New study investigates link between clothes dryers and microplastic pollution in Lake Tahoe

Reno, Nev. & South Lake Tahoe, Cal. (July 20, 2020) – Last year, Desert Research Institute (DRI) and the League to Save Lake Tahoe detected microplastics in Lake Tahoe for the first time ever, many of which were microfibers. This discovery revealed that microplastic pollution is not just present in oceans, but also in mountains and lakes, including highly protected areas like Lake Tahoe.

Now, two DRI scientists aim to identify the source of these microfibers, with help from the League to Save Lake Tahoe’s citizen scientists and other volunteers from the Tahoe Basin. In a new study, volunteers from around the Tahoe region are installing specially made lint-catchers on the vents of their clothes dryers to assess whether dryers are releasing these tiny fibers into the environment.

“Several studies have been done on the washing process and how that can input microplastics into our waterways, but only a few studies have look at the drying process as a source of microplastics,” said Monica Arienzo, Ph.D., Assistant Research Professor of Hydrology at DRI. “That got us thinking about studying the drying process as a source of microplastics to the air.”

Working in collaboration with Meghan Collins, M.S., DRI’s Education Program Manager, the researchers developed a design for a lint-catcher that fits on the outside of a dryer vent. They then worked with the League to Save Lake Tahoe to create a plan for engaging citizen scientists in the study, tapping into the League’s network of dedicated Pipe Keepers and other volunteer groups.


Photo caption: (Above, left) Using a custom-made lint catcher, citizen scientist volunteers in the Tahoe Basin will help collect data for a new study on dryer lint. (Above, right) Closeup image of microfibers found in snow from Sierra Nevada. Fibers such as these are potentially emitted from the drying process. Credit: DRI.

Citizen scientists, including those who are brand new to volunteer data collection and research, can contribute to the study in one of two ways: 1) By sharing their drying habits with the researchers (how many loads they dry, dryer settings, and other details) for a month via the Citizen Science Tahoe app, or 2) By installing a lint catcher on the dryer vent on the outside of their home and sharing their drying habits.

The study will run from July 12 until August 7, at which time participants will mail back a custom-made fiberglass mesh net that sits inside the dryer vent cover, and researchers will analyze the contents.

“We will use all of this information to understand the connection between synthetic clothes, dryers, and microfiber emissions into the environment,” Collins said. “We are also hoping that our lint catcher design will provide an easy solution for helping individuals to reduce their ‘microplastic footprint’. We’re excited to see what citizen scientists think about this solution.”

While litter of all types poses a threat to the Lake Tahoe environment, plastic trash is consistently the most-gathered class of litter items at Keep Tahoe Blue beach and community cleanups. Plastic trash may breakdown to create microplastic pollution, which can end up in the Lake.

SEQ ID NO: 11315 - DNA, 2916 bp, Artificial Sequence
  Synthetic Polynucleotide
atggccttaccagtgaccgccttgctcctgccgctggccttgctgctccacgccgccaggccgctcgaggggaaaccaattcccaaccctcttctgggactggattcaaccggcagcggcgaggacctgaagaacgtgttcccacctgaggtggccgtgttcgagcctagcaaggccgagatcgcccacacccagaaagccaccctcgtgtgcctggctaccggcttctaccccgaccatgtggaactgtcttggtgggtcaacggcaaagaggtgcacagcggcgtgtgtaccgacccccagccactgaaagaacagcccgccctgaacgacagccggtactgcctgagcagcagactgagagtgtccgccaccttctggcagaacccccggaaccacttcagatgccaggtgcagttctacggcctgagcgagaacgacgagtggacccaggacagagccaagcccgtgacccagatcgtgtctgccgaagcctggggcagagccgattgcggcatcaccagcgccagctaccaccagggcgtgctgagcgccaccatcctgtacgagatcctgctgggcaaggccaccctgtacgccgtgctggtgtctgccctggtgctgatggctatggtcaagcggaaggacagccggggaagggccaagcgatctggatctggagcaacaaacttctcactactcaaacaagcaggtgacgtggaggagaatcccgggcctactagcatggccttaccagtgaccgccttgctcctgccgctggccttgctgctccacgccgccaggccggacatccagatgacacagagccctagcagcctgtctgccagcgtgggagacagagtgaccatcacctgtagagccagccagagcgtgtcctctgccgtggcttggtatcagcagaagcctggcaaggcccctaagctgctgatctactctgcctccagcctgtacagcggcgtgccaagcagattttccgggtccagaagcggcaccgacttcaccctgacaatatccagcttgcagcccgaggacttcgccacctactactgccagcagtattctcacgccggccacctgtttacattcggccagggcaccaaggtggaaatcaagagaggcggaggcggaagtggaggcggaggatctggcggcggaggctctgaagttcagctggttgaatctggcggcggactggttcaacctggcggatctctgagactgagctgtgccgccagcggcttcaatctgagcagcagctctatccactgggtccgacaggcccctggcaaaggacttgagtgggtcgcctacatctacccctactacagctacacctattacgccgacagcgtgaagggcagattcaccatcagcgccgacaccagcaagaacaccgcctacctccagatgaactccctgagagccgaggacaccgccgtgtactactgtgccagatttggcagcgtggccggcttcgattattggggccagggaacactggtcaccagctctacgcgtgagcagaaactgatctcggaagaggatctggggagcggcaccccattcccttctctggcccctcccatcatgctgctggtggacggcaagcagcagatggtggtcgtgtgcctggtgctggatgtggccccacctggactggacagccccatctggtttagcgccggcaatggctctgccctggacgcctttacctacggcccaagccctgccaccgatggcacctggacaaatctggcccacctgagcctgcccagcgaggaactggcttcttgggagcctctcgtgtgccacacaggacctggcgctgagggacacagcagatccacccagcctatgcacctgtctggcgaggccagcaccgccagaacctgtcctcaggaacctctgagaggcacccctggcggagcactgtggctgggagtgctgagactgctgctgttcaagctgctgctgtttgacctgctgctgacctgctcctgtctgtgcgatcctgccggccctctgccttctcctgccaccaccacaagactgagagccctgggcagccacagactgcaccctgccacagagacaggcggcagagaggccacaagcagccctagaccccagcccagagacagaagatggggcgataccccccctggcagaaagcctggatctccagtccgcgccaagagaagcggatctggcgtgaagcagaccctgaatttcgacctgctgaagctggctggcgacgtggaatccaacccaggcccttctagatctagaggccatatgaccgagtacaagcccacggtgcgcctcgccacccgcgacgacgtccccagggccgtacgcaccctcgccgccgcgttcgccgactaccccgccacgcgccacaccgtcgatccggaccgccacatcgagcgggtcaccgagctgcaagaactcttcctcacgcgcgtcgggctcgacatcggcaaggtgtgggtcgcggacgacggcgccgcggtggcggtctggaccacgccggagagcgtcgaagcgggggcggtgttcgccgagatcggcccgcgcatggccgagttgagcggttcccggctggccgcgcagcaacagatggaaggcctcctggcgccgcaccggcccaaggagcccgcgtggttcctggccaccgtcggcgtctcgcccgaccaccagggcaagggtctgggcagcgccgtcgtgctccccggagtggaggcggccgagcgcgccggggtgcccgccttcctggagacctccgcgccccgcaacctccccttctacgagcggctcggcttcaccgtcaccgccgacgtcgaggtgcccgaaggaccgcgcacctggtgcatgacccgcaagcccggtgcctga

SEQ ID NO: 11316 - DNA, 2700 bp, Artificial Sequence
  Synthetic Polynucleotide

“Our hope is that this and future studies will narrow in on the sources of microplastic pollution at Tahoe,” noted Jesse Patterson, Chief Strategy Officer at the League to Save Lake Tahoe. “Combined with litter data gathered by Keep Tahoe Blue volunteers, we hope to convert the findings into solutions to the pollution problem facing our Lake. This is only possible through the partnership of research experts at DRI and passionate citizen scientists.”

This project is made possible in part by support from the REI Co-op. For more information on how to participate, please visit:


About the Desert Research Institute

The Desert Research Institute (DRI) is a recognized world leader in basic and applied interdisciplinary research. Committed to scientific excellence and integrity, DRI faculty, students, and staff have developed scientific knowledge and innovative technologies in research projects around the globe. Since 1959, DRI’s research has advanced scientific knowledge, supported Nevada’s diversifying economy, provided science-based educational opportunities, and informed policy makers, business leaders, and community members. With campuses in Reno and Las Vegas, DRI serves as the non-profit research arm of the Nevada System of Higher Education. For more information, please visit

Media Contact:
Justin Broglio, Communications Manager
Desert Research Institute

About the League to Save Lake Tahoe

The League to Save Lake Tahoe, also known by the slogan “Keep Tahoe Blue,” is Tahoe’s oldest and largest nonprofit environmental advocacy organization. The League is dedicated to community engagement and education, and collaborating to find solutions to Tahoe’s environmental challenges. Through the League’s main campaigns, its expert staff and dedicated volunteers A.C.T. to Keep Tahoe Blue: we Advance restoration, Combat pollution and Tackle invasive species. Learn more at

Media Contact:
Chris Joseph, Communications Manager
League to Save Lake Tahoe

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